INFLATION WOES: Millennials crumble, turn to social media to air frustration over soaring cost of living
As the soaring cost of living continues to plague and hunt the lives of Americans and Canadians from all walks of life as well as people from all around the world, they resort to social media to vent out and air their frustrations.
Millennials and Gen Z are the main target market of these platforms. People from these age groups are the most likely to post and browse for topics about how they are breaking down or increasingly becoming unable to afford basic necessities, such as food and housing. X, formerly Twitter, account user @WallStreetSilv compiled videos from the short-form video hosting service TikTok, wherein these adults talked about their struggles. The first video included a woman inquiring: “I have a question: how are we affording life right now?”
The cost of living crisis is astronomical everywhere. It feels like we’re just working to barely survive ???
Compilation of videos with people talking about the struggle going on.
This is a must watch video. ?
— Wall Street Silver (@WallStreetSilv) August 15, 2023
Next in the montage was s a slideshow of photos of people in seemingly “existential crisis.” The clips were captioned with their worries and fears on how to survive and that no matter how they work, the cost of living is still out of their price ranges. In the short video compilation, young people are also talking about how they are suppressing their “cravings” and avoiding doing the things that they want as these have become a luxury already.
“I am living paycheck to paycheck every week because I am trying to pay every bill that the world is throwing at me right now,” another woman stated. One crying woman said, “I can’t function anymore. Financially I just don’t understand anymore. I don’t understand how I make $34 an hour and I can’t function. I can’t pay my bills. I can’t even literally keep gas in my car to get to work three days a week because I can’t afford it.” Another woman said, “I want to know how people in Canada are even living. I just feel trapped…I can’t afford the rent these days…I’m just feeling so much despair.”
There were videos comparing the number of groceries items that can be bought with $100 in 2020 and 2023. Another lady explained the problem with food costs: “I just got back from doing groceries, and I have $70 worth of groceries on my table right now and I genuinely don’t even know what I purchased that made it to $70. I am working like three jobs right now,” she added. “The cost of living is outrageous in Canada.” Some even consider leaving because nothing is affordable in Ontario, the video included.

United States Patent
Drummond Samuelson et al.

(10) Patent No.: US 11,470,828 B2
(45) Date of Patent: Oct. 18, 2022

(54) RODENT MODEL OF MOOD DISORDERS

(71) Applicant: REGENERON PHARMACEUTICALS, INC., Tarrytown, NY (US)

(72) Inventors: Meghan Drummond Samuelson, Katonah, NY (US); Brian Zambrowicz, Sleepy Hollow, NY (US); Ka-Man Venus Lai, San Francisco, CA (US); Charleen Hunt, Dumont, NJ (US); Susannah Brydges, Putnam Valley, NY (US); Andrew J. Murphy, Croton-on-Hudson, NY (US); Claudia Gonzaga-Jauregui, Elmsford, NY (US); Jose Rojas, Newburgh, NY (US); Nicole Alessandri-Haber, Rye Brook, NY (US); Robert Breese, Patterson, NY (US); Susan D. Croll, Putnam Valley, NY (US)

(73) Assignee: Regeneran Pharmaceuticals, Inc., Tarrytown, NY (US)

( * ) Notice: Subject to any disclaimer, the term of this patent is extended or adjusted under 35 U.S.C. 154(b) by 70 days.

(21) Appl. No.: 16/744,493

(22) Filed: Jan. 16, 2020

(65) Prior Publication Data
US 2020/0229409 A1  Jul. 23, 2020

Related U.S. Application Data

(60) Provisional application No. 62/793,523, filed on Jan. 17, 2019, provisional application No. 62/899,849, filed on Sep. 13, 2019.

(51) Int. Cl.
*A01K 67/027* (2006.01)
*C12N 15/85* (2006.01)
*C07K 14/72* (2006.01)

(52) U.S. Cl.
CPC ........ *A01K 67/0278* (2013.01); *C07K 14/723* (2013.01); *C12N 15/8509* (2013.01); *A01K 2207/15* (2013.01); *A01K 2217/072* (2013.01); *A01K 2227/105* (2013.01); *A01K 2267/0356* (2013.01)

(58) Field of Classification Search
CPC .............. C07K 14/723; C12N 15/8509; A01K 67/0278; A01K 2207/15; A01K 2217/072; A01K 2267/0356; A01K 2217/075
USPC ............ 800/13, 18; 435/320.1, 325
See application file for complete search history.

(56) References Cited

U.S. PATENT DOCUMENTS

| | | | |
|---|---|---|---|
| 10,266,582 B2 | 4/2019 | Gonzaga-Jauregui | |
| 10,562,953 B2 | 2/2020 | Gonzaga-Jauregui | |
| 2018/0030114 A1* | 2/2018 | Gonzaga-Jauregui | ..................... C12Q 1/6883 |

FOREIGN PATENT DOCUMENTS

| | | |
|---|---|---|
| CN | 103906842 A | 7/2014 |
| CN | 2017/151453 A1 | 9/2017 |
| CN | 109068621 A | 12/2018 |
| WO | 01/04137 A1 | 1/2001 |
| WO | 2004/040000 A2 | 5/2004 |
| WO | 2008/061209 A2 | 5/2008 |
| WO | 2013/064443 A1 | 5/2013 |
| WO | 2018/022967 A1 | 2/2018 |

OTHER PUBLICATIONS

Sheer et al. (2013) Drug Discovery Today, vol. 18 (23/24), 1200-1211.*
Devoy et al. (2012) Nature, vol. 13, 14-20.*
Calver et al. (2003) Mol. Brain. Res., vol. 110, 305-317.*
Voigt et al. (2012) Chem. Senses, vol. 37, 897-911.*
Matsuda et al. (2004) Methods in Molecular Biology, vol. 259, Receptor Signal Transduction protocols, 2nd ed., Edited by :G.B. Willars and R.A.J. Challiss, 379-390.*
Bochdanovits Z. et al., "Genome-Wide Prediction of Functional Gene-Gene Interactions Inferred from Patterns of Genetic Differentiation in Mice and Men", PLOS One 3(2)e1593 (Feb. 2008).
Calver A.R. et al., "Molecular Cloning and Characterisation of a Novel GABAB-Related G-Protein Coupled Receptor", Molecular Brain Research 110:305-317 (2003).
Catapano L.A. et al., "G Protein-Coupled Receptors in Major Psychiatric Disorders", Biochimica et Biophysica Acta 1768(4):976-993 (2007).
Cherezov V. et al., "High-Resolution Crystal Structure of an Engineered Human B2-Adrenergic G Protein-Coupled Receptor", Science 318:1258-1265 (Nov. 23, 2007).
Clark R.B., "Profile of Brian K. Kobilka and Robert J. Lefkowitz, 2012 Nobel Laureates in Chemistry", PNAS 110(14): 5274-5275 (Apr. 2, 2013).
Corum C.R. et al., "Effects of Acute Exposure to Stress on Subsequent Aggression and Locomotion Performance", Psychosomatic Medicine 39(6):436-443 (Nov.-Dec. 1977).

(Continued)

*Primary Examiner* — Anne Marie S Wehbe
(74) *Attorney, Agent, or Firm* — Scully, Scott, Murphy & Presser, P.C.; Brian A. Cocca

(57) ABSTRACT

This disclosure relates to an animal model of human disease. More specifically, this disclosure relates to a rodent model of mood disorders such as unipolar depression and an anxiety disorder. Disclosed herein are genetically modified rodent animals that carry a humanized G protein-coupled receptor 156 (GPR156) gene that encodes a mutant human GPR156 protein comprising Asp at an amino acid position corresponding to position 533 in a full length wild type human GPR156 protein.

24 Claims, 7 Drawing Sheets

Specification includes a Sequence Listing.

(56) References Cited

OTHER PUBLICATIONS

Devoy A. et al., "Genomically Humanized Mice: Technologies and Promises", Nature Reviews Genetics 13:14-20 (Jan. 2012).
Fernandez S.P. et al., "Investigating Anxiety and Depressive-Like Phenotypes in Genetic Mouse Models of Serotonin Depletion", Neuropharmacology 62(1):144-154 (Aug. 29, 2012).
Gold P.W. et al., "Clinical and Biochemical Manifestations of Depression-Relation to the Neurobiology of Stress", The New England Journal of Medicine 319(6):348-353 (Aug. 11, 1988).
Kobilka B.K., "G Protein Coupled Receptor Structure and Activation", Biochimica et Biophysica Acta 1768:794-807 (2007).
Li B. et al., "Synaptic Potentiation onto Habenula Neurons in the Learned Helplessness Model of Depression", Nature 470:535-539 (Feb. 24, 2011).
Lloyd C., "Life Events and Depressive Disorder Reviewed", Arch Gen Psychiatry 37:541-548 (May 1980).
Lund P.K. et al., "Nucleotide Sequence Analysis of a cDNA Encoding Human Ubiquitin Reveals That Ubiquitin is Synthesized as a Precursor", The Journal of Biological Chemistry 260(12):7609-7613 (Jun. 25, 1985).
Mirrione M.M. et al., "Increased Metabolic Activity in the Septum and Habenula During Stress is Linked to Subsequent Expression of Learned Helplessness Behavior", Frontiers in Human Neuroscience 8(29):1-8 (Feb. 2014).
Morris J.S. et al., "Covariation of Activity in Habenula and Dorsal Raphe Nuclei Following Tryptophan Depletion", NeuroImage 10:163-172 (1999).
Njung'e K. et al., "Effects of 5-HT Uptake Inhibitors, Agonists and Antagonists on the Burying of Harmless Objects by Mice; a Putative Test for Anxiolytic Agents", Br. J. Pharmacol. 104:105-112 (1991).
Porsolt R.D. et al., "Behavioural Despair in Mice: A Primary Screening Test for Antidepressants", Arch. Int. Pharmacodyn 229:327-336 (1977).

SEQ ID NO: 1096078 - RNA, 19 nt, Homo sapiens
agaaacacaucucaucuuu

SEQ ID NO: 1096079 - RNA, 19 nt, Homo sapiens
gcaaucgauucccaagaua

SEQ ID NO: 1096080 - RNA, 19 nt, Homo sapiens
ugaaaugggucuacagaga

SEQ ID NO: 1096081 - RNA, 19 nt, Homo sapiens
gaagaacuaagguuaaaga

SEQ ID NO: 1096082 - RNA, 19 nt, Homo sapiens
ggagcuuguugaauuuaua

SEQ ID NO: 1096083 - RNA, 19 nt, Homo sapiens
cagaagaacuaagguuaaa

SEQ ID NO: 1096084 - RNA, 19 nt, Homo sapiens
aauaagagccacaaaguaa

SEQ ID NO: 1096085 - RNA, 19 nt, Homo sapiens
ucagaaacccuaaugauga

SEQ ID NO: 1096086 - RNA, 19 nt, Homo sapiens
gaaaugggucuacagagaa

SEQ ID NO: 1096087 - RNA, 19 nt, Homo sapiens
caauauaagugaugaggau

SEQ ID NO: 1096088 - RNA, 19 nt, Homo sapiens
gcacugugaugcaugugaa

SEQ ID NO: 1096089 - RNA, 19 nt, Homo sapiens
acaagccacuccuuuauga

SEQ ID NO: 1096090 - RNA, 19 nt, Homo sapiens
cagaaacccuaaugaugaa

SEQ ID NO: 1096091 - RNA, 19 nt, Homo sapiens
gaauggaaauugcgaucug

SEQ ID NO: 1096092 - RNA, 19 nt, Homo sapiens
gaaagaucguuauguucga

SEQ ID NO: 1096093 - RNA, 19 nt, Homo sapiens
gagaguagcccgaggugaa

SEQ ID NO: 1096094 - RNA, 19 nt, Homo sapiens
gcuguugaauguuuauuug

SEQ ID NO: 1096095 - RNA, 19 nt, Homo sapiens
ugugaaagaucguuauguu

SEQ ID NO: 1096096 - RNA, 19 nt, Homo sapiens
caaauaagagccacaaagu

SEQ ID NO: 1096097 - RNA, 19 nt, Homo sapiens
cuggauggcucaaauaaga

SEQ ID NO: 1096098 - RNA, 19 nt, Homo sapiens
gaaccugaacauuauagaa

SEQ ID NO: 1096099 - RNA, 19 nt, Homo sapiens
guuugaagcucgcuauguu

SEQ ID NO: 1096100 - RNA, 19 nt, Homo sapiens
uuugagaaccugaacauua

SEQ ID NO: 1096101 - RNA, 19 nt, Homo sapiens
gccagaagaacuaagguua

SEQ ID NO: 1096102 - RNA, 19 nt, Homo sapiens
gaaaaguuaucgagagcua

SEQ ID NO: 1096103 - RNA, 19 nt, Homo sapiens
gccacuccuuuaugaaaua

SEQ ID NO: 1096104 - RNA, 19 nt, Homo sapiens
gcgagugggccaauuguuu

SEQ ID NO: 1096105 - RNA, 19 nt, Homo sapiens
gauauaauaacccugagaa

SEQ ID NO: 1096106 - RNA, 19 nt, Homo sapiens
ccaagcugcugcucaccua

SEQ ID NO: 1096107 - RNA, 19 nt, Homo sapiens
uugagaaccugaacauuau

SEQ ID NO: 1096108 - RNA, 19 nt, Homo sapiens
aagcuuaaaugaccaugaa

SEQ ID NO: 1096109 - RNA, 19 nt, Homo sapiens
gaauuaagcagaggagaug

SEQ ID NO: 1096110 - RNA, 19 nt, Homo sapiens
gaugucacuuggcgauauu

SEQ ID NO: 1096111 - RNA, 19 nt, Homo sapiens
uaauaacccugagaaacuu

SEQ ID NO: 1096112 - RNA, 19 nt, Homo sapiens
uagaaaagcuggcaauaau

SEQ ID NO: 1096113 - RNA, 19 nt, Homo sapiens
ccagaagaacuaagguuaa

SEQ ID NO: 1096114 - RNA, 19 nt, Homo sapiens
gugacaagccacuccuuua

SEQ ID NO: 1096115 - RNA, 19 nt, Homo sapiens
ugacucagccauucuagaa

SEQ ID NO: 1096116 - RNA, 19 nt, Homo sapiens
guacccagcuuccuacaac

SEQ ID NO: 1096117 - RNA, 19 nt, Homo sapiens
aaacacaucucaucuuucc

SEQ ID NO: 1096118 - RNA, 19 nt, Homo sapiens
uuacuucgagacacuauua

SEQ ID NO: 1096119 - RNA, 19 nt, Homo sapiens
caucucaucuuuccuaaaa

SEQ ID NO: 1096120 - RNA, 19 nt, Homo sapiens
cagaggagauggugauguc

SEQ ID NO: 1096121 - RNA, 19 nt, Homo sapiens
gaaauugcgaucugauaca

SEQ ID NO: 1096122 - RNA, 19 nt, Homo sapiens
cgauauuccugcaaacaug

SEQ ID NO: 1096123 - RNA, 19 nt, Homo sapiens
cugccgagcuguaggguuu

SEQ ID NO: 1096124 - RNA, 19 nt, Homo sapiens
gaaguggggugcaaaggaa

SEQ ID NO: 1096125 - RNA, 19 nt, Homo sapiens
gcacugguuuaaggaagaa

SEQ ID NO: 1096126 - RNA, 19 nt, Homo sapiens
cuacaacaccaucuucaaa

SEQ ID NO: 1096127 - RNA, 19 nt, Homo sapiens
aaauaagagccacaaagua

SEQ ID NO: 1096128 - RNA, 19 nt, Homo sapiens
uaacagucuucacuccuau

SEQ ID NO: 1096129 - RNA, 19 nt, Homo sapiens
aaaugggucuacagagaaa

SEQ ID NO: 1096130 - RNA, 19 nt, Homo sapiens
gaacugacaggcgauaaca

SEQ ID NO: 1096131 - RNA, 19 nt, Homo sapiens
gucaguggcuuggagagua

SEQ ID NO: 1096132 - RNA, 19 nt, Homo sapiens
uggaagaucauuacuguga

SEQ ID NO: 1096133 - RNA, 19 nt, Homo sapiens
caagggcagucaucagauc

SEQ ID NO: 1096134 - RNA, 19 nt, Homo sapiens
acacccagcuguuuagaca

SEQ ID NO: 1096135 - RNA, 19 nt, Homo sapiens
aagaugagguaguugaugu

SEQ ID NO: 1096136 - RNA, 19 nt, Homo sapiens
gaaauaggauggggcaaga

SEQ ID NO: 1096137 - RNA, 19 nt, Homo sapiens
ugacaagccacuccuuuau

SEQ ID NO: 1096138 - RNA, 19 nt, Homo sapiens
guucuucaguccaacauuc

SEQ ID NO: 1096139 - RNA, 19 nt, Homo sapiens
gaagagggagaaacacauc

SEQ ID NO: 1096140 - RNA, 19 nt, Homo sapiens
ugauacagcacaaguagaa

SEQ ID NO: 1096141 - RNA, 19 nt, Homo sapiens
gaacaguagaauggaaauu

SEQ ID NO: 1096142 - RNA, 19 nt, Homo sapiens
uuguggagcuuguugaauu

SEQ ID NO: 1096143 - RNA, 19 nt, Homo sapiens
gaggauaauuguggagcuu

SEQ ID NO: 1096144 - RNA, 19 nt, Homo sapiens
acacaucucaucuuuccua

The sad part, according to another one, was that wages are not going up fast and they are left without a choice but to use their credit cards. This only gets them deeper into a sea of debt.
A separate post from Wall Street Silver featured a guy asking himself: “Was university a complete waste?” on his TikTok post. It had a caption: “Middle-class millennials in 2023,” where the user said, “If I seriously had any idea life was going to be this hard and expensive and my degree did not mean sh*t, I would have dropped out of school when I was like in third grade and bought my first four-bedroom house for $5000 when I was like seven.”
Millennials in 2023: ???
Was university a complete waste?
— Wall Street Silver (@WallStreetSilv) August 16, 2023
Inflation rate starts to get hot again
As per InfoWars, inflation coupled with elevated interest rates, is crushing the younger generation with no indication that it will come down anytime soon. And still, President Brandon’s Federal Reserve is standing firm that they have cooled down inflation with its interest rate hikes. How will they explain it going up again as it did before it even hit the two percent target? (Related: Powell insists 2% target inflation is still distant so Fed raises interest rates again to the highest level in 22 years.)
According to the Bureau of Labor Statistics, the annual inflation rate accelerated again to 3.2 percent in July 2023 from its lowest three percent in June, which stopped the 12 consecutive months of declines.
A year ago, inflation had started to fall from its peak of 9.1 percent. Last month, energy costs fell 12.5 percent, less than a 16.7 percent drop in June, with prices declining at a smaller pace for fuel oil (-26.5 percent vs -36.6 percent), gasoline (-19.9 percent vs -26.5 percent) and utility gas service (-13.7 percent vs -18.6 percent). Inflation reportedly slowed for food (4.9 percent vs 5.7 percent), shelter (7.7 percent vs 7.8 percent), and new vehicles (3.5 percent vs 4.1 percent).
However, prices of apparel (3.2 percent vs 3.1 percent), and transportation services (nine percent vs 8.2 percent) increased more. On the other hand, electricity prices also rose three percent, below 5.4 percent in June.
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